Step one is to pit the cherries. I use this OXO pitter from Bed, Bath and Beyond -- but That Kitchen Place had a selection of pitters available, too. I remove the plastic splash guard – it just gets in the way.

Cherry pitting can be a sloppy job, but you can minimize the splatters by doing much of the work in the kitchen sink. If you hold the pitter in one hand and shoot the pit into your other hand, you can be sure you got it and you have a better chance of keeping your cobbler pit-free. And wear an apron – you’ll be glad you did.



Fresh Cherry Cobbler

For filling:

2 1/2 pounds fresh, sweet cherries, pitted
3/4 cup sugar
1 tablespoon cornstarch

Cook all filling ingredients in a large saucepan over medium heat, stirring occasionally, until sugar and cornstarch dissolve – 5 to 7 minutes. Spoon filling into a 12 by 7 inch baking dish.
Preheat oven to 350°F.

For topping:


3/4 cup all-purpose flour

2 tablespoon sugar
1/4 teaspoon baking soda
1/4 teaspoon baking powder
pinch of salt
2 tablespoons cold butter, cut into small pieces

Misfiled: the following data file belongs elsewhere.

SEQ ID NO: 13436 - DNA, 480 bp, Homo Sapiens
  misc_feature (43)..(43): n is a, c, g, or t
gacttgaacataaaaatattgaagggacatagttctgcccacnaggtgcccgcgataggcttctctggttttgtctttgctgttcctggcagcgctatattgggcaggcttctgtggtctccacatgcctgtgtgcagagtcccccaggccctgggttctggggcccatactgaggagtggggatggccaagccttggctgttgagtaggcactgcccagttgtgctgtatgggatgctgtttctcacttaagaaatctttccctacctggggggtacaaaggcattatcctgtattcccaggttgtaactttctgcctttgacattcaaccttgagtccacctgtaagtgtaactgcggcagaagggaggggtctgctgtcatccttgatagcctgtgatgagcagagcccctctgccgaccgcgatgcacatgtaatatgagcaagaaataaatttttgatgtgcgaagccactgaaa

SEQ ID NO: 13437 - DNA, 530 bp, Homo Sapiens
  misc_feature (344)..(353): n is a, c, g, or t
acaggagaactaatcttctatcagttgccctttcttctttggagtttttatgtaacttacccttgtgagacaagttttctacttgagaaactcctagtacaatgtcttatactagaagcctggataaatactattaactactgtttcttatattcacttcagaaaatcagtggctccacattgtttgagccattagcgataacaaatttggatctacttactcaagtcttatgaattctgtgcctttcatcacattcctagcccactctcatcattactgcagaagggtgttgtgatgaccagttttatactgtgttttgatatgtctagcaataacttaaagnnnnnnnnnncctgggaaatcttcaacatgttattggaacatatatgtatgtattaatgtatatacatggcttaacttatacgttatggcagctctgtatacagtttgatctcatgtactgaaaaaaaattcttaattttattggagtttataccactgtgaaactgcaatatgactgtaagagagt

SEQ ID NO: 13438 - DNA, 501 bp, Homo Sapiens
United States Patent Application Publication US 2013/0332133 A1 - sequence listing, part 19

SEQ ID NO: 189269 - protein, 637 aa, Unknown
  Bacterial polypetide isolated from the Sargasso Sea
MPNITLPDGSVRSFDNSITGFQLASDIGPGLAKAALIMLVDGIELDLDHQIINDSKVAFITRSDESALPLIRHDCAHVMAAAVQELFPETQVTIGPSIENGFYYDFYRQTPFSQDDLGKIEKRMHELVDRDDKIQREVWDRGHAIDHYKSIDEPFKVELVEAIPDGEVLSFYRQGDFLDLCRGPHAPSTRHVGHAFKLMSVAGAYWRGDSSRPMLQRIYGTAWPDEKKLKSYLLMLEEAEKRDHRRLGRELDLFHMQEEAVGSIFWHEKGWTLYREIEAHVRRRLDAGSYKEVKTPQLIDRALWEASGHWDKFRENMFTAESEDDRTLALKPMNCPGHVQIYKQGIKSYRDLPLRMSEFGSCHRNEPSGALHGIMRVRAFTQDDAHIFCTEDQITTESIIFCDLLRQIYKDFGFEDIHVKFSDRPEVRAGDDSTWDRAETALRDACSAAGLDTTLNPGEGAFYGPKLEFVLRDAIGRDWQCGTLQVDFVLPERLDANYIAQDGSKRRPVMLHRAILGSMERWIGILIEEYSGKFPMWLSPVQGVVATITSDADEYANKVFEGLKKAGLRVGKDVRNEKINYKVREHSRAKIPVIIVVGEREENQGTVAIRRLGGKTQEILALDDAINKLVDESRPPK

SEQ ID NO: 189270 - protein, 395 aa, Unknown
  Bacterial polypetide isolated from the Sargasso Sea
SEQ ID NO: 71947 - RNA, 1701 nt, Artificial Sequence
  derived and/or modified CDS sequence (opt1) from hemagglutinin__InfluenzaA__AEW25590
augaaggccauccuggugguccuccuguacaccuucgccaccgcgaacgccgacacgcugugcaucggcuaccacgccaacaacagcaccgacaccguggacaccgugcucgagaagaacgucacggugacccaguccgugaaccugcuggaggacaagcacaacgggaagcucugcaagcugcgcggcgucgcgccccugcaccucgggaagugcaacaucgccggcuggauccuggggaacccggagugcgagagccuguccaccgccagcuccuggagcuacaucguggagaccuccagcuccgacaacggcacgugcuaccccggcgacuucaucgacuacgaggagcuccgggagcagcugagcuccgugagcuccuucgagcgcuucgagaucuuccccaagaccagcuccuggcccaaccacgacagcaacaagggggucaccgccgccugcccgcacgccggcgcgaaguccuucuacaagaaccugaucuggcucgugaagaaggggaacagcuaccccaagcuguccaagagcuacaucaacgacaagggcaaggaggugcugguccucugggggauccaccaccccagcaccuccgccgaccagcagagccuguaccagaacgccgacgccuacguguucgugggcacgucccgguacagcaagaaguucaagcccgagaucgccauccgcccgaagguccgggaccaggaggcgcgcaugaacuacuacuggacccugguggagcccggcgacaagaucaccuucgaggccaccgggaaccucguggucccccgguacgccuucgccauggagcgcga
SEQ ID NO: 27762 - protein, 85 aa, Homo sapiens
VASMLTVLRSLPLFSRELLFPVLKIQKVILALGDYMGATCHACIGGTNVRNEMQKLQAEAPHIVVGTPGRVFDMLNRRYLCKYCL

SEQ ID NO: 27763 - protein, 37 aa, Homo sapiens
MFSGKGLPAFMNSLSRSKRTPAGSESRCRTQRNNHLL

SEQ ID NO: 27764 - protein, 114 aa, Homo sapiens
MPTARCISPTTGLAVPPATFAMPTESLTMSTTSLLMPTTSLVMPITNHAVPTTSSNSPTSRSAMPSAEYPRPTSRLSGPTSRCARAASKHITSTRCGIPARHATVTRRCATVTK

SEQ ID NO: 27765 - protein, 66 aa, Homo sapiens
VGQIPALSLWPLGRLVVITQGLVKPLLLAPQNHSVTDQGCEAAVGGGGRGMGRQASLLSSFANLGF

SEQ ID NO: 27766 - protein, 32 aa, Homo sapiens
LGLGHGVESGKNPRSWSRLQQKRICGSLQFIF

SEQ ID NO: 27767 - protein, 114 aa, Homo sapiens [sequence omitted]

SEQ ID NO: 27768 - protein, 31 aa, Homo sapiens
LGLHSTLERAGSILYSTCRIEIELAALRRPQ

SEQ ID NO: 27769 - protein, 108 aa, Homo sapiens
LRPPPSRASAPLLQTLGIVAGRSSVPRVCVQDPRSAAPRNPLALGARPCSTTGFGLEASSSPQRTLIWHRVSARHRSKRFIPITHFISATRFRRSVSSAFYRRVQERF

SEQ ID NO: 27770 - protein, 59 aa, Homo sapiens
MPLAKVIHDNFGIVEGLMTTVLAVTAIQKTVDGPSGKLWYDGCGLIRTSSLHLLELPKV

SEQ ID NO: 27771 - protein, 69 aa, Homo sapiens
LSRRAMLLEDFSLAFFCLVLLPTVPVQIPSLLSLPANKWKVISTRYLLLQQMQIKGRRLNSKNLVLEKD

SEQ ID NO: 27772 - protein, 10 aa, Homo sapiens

1/2 cup buttermilk
½ teaspoon vanilla

Top off with:
2 teaspoons sugar
Make topping and bake cobbler:

Combine flour, 2 tablespoons sugar, baking soda, baking powder, and salt in a medium bowl. Using a pastry blender, blend the butter and the dry ingredients until it resembles coarse meal. Stir buttermilk and vanilla together and add to flour/butter mixture. Stir until just combined. Drop the dough in tablespoon-sized chunks on the cherry filling.

Sprinkle 2 teaspoons of sugar over the top.

Bake until topping is browned, cherries are bubbly and the juices are thickened, about 35- 40 minutes.
Cool slightly and serve warm with good vanilla ice cream.


Thursday, May 21, 2009

Pine Dogz Downtown


Singer-songwriter Diana Wallis and her husband, Steve are

Pine Dogz .


They'll bring their unique sound to the Downtown Eatery - Friday night, 7 PM.

Diana and Steve have great energy, terrific songs and they love what they do. Go enjoy some live rockin' bluesy tunes, sweet potato fries and something cold and yummy to drink.

More on the Downtown Eatery here.

Wednesday, May 20, 2009

Free Download for Memorial Day/Election Week

The blessings -- and responsibilities -- of liberty are on my mind this week.








American Dreamers is one of our newest songs - you can listen to it and download it for free by clicking here.

American Dreamers

words and music by Erin and Craig Friedman
© 2009

She remembers the view from the back of the bus
She remembers the words to We Shall Overcome
She remembers that long march on Washington
She’s an American Dreamer
And she loves dreaming again

American Dreamers believe
The American dream lives and breathes
Hear freedom ring throughout the land